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Nursing Management:
doi: 10.1097/01.NUMA.0000410920.90831.96
Department: Performance Potential

Keeping the peace: Conflict management strategies for nurse managers

Johansen, Mary L. PhD, RN, NE-BC

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Author Information

Mary L. Johansen is an assistant clinical professor at Rutgers, The State University of New Jersey, College of Nursing in Newark, N.J.

The author has disclosed that she has no financial relationships related to this article.

Handling conflicts in an efficient and effective manner results in improved quality, patient safety, and staff morale, and limits work stress for the caregiver.13 The nurse manager must approach this challenge thoughtfully because it involves working relationships that are critical for the unit to function effectively—the nurse and other members of the interdisciplinary healthcare team who must collaborate while navigating responsibilities and roles that often overlap. To handle situations of conflict, the nurse manager must have the skills to help effectively resolve them.

Effective resolution and management of a conflict requires clear communication and a level of understanding of the perceived areas of disagreement.4 Conflict resolution is an essential element of a healthy work environment because a breakdown in communication and collaboration can lead to increased patient errors.5,6 The American Association of Critical-Care Nurses standards for healthy work environments recognize the importance of proficiency in communication skills and The Joint Commission's revised leadership standards place a mandate on healthcare leadership to manage disruptive behavior that can impact patient safety.7,8 Although effective conflict management skills have been identified as an essential competency for the professional RN to provide safe, quality care to patients, reports of workplace conflict continue to rise.9

Nursing leaders need to assess how nurses deal with conflict in the healthcare environment in an effort to develop and implement conflict management training and processes that can assist them in dealing with difficult situations. For this purpose, a case scenario that describes a common interpersonal conflict between nurses is presented. The setting for this exemplar is in the ED. (See Case scenario.) But first, let's look at definitions of conflict.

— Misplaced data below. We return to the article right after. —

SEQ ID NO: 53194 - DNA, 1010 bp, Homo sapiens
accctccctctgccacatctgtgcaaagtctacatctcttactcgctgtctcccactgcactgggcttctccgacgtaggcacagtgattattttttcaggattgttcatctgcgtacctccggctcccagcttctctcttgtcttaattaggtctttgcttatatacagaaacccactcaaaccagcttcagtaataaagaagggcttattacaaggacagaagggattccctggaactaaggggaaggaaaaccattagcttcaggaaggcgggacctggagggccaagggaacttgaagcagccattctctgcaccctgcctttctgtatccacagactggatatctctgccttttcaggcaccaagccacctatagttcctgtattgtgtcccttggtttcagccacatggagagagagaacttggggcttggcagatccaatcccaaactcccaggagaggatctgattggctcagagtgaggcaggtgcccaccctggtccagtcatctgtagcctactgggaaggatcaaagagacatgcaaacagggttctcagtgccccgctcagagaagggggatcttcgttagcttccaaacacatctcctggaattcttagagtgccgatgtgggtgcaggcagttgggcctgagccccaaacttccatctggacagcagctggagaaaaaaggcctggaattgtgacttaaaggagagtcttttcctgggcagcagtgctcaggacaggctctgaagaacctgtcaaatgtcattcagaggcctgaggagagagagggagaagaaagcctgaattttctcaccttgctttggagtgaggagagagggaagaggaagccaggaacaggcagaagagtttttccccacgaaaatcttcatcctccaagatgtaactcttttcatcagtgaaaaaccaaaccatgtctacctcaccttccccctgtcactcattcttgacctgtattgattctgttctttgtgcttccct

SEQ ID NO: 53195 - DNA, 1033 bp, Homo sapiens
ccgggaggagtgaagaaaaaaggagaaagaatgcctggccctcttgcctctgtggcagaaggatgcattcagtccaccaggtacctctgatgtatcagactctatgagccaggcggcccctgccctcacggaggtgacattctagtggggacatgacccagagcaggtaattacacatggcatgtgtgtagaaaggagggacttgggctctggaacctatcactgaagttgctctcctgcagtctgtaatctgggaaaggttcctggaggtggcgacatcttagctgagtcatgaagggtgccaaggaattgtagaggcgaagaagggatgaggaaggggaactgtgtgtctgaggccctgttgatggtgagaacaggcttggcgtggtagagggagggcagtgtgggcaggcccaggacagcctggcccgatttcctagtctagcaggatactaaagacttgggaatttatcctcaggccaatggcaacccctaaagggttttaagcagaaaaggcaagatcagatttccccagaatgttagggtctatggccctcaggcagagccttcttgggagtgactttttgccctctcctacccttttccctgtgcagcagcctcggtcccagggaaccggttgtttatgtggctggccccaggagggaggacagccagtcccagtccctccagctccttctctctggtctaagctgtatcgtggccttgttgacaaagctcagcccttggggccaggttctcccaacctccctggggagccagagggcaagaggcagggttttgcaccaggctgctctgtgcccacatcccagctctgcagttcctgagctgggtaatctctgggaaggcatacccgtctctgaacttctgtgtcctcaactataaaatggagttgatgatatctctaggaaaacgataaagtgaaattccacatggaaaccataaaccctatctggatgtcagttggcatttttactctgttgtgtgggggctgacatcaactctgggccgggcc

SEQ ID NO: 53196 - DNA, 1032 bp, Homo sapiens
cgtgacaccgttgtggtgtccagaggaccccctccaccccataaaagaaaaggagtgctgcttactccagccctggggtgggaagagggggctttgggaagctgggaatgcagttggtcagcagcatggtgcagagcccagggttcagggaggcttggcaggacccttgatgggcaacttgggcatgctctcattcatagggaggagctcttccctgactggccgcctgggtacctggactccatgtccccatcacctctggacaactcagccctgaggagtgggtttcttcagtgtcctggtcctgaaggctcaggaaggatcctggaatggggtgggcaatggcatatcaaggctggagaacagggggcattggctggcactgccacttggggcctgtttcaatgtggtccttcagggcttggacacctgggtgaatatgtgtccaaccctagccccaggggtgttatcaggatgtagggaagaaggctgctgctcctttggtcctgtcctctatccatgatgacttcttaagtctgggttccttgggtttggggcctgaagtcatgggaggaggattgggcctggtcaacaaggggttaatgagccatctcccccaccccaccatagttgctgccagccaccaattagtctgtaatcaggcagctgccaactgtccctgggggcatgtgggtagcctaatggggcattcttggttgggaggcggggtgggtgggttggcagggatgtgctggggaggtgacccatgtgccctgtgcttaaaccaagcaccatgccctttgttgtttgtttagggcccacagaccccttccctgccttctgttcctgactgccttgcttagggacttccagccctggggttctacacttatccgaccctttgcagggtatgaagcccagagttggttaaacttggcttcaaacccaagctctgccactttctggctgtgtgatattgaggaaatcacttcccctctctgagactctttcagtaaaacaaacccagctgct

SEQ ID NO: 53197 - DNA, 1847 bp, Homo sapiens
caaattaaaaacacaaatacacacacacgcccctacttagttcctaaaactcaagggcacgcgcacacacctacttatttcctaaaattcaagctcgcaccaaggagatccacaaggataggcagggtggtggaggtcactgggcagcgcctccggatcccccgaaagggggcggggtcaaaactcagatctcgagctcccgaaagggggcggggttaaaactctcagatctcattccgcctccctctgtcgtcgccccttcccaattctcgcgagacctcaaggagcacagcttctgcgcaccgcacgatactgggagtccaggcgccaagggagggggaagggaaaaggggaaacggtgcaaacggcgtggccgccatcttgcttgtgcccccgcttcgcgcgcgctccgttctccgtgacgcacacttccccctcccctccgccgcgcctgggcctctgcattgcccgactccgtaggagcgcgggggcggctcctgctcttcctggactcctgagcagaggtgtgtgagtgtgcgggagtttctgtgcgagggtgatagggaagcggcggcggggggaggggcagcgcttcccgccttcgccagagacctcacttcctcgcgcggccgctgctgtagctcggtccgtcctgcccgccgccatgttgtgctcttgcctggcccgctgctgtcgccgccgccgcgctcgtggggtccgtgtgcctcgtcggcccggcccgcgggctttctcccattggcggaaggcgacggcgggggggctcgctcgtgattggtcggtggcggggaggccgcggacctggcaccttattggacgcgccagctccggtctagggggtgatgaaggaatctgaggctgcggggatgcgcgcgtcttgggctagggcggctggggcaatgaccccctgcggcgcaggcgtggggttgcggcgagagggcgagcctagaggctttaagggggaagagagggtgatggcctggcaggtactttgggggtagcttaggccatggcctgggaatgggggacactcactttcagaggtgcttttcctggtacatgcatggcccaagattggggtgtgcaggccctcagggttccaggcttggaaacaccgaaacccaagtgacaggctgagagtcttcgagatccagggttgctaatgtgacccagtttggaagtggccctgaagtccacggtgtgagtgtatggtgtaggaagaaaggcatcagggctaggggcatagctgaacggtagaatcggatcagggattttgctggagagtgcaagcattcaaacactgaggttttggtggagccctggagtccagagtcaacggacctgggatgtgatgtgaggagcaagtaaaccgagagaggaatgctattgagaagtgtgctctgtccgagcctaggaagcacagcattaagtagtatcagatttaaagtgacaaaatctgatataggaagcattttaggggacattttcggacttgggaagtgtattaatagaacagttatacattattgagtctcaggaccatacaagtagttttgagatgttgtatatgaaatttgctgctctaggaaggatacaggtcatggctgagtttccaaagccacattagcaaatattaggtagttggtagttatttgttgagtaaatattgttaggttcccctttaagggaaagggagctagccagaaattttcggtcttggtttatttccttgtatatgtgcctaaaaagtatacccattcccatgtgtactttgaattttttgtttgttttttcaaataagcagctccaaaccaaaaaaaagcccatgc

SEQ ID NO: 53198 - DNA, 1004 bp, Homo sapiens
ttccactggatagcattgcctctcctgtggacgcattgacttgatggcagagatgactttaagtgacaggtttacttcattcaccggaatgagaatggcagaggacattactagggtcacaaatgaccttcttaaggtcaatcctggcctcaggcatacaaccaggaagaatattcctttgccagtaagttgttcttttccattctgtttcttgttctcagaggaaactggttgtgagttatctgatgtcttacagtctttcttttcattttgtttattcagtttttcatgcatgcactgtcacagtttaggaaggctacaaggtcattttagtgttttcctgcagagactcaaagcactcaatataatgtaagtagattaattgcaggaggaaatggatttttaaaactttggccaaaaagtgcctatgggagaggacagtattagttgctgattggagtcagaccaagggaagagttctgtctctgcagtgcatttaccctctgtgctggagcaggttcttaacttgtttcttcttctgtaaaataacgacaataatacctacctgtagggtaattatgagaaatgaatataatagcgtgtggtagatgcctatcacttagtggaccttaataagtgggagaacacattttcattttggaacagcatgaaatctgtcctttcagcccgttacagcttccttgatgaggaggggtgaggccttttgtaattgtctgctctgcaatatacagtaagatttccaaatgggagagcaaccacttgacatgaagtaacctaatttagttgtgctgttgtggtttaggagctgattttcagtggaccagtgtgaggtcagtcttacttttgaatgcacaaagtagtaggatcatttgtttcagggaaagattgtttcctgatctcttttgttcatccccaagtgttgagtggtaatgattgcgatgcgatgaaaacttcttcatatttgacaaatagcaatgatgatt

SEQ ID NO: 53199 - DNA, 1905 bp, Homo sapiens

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What's conflict?

Although it's generally accepted that conflict is an inevitable and integral part of the work environment, it's important to clarify just what conflict means. One definition of conflict is a disagreement through which the parties involved perceive a threat to their needs, interests, or concerns. However, this definition encourages a tendency to narrowly define the issue as one of task or substance.10 Workplace conflicts in the healthcare environment tend to be far more complicated because they often involve ongoing, complex relationships that are based in emotion.10 In addition, a conflict is comprised of substantive, procedural, and psychological dimensions that participants in conflict respond to on the basis of their perceptions of a particular situation.10 It's this perception that's filled with thoughts and emotions that guide the individual to a solution. Understanding the types of conflicts that the direct care nurse commonly encounters and the way he or she responds to conflict is an important element in identifying effective strategies to manage conflict in the healthcare environment.4

In 2009, the Center for American Nurses conducted a conflict resolution survey to identify challenges related to conflict encountered by the professional RN.11 A total of 858 nurses responded to both open-ended and closed-ended items in a web-based survey. After coding and analysis were completed, a thematic analysis was conducted and four themes were identified: anguishing through unhealthy conflict and its effects, longing for a better path to address conflict in a productive manner, understanding and welcoming channels to address conflict, and suggesting improvements to address workplace conflict.

The most common and problematic type of conflict that was experienced in the workplace involved interpersonal conflicts. The three prime situations of interpersonal conflicts frequently identified in the survey included (1) patient and family, (2) nurse manager, and (3) physician. Conflict involving nurses and patients/families/visitors was reported to occur as a result of the disparity in perceptions regarding which patient-care issue needed to be addressed first, limiting visiting hours, and restrictions surrounding disclosure of confidential information. The second most frequent interpersonal conflict was between the direct care nurse and the nurse manager. This type of conflict was associated with lack of organizational support from the leadership team and poor communication. The third interpersonal conflict was between other healthcare providers and the direct care nurse. These conflicts weren't handled effectively or were ignored, which resulted in a toxic work environment.

The literature also reports that frequent areas of conflict in the acute care environment are interpersonal conflict with professional peers, such as physicians and individuals in other clinical services, and task conflict, such as getting lab results, turnaround time for X-rays, and reaching consultants in a timely manner.12,13